COULD NOT agree more. 1993-2000 was futility. 2001-2010 was a celebration of mediocrity. Now we've cycled back to futility. I'd give almost anything to have MacPhail/Kelly back in charge.

  16. #16
    The King In The North All-Star Nick Nelson's Avatar
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    The Twins had good teams during those years, but for the most part they didn't have great teams, and in part that was their own doing. How much better is that 2006 team if they don't mess around with Tony Batista and Juan Castro as starting infielders for two months? How many games were cost by feeding starts to the likes of Livan Hernandez, Ramon Ortiz and Sidney Ponson rather than more capable youngsters (or at least more capable free agents)? How much better are the 2008 and 2009 teams if you sub out Delmon Young and sub in Matt Garza and Jason Bartlett?

    I have plenty of respect for Terry Ryan -- he's a very intelligent baseball man who is ingrained in the game. But there's no denying that he's made some very poor decisions that have held good teams back from greatness. I'd like to think he's learned from those mistakes but when his rhetoric never changes, it's hard to say.

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    Quote Originally Posted by Marta Shearing View Post
    COULD NOT agree more. 1993-2000 was futility. 2001-2010 was a celebration of mediocrity. Now we've cycled back to futility. I'd give almost anything to have MacPhail/Kelly back in charge.
    While I think Kelly and MacPhail were good at their jobs, the Twins only had 4 winning seasons out of the 8 they worked together (the only winning seasons in macphail's ten years and Kelly's 15 years with the twins)

  18. #18
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    Quote Originally Posted by spideyo View Post
    While I think Kelly and MacPhail were good at their jobs, the Twins only had 4 winning seasons out of the 8 they worked together (the only winning seasons in macphail's ten years and Kelly's 15 years with the twins)
    Kelly had one more winning season at the end of his career. But yeah, your point is right.

  19. #19
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    Quote Originally Posted by Nick Nelson View Post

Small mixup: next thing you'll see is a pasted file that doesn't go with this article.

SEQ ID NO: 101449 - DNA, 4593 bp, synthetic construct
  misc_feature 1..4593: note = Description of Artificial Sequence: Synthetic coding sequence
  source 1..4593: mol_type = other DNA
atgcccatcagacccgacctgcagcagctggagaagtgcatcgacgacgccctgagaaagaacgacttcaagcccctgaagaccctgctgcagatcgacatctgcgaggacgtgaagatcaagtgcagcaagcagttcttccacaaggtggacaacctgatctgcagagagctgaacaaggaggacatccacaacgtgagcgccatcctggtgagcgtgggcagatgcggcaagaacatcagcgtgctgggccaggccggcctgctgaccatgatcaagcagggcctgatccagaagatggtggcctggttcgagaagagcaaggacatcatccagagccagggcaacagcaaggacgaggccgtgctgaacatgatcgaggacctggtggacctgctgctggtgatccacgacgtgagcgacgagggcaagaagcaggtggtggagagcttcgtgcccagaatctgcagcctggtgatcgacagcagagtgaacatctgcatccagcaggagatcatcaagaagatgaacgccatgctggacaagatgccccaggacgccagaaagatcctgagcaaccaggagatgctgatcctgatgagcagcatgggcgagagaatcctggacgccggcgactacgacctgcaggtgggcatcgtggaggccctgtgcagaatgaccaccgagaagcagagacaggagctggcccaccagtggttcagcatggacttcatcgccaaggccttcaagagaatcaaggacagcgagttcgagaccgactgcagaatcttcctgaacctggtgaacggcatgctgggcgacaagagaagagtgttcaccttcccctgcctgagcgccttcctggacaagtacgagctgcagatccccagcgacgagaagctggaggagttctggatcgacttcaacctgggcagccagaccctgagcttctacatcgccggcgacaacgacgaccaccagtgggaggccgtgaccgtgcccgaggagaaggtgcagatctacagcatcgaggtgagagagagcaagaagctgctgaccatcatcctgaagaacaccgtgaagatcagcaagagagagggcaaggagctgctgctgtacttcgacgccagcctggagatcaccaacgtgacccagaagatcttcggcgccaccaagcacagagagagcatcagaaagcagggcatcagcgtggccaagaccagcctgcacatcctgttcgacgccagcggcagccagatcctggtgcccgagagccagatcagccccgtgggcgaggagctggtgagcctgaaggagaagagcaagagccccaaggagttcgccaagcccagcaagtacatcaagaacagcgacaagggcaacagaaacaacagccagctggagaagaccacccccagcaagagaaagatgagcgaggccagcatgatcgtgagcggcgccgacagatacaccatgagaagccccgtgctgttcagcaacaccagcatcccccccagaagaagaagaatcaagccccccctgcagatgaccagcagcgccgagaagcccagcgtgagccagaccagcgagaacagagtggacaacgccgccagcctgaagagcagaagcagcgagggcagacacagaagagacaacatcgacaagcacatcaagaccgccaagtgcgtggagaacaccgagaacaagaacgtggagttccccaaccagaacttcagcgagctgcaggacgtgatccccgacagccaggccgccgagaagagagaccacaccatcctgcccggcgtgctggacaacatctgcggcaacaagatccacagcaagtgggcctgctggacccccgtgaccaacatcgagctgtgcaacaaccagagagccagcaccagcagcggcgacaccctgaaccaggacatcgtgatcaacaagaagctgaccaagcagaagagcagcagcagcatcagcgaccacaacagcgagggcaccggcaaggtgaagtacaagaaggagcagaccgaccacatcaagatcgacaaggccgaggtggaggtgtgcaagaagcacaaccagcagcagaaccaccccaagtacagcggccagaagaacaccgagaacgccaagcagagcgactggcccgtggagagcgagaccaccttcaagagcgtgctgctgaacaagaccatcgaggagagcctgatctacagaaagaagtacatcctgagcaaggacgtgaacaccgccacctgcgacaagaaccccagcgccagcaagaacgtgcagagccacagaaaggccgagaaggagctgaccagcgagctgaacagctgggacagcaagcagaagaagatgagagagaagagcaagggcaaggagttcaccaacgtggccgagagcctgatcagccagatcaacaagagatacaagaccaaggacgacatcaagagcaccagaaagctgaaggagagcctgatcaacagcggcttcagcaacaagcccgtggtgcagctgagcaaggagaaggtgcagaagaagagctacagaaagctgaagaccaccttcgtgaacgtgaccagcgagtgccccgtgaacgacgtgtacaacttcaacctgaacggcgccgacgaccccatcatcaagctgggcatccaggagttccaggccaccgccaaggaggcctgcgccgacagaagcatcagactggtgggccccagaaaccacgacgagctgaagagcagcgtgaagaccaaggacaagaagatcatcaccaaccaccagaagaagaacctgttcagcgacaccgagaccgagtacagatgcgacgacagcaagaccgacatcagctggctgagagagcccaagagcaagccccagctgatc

The Twins had good teams during those years, but for the most part they didn't have great teams, and in part that was their own doing. How much better is that 2006 team if they don't mess around with Tony Batista and Juan Castro as starting infielders for two months? How many games were cost by feeding starts to the likes of Livan Hernandez, Ramon Ortiz and Sidney Ponson rather than more capable youngsters (or at least more capable free agents)? How much better are the 2008 and 2009 teams if you sub out Delmon Young and sub in Matt Garza and Jason Bartlett?

    I have plenty of respect for Terry Ryan -- he's a very intelligent baseball man who is ingrained in the game. But there's no denying that he's made some very poor decisions that have held good teams back from greatness. I'd like to think he's learned from those mistakes but when his rhetoric never changes, it's hard to say.
    Livan Hernandez won 10 games with the Twins for 4 months total--true, he was blessed with luck. The other two were cheap vets (both Ryan and Gardenhire prefer older players). Another reason they were signed was "the pitching cupboard was bare", and this was Ryan's attempt to patch the hole. Reference this all yee who want to blame Smith for the present-day Twins lack of quality pitching--this is a chronic problem and has been nearly forever.

  20. #20
    Quote Originally Posted by spideyo View Post
    While I think Kelly and MacPhail were good at their jobs, the Twins only had 4 winning seasons out of the 8 they worked together (the only winning seasons in macphail's ten years and Kelly's 15 years with the twins)
    The only difference is MacPhail realized baseball is cyclical for small market teams. He realized you go for it when your window is open (Reardon, Gladden), and you rebuild when that window closes (Viola trade). Ryan never makes a splash either way. His goal is always be competitive, which has obviously backfired. When the window is open he refuses to add the final piece, and when the window closes, he refuses to gut it and start over. He never sells high. Imagine if those Redsox rumors were true and they were willing to take on Mauer's entire salary plus give up some top prospects how much better off this team would be. Ryan didnt even answer the phone.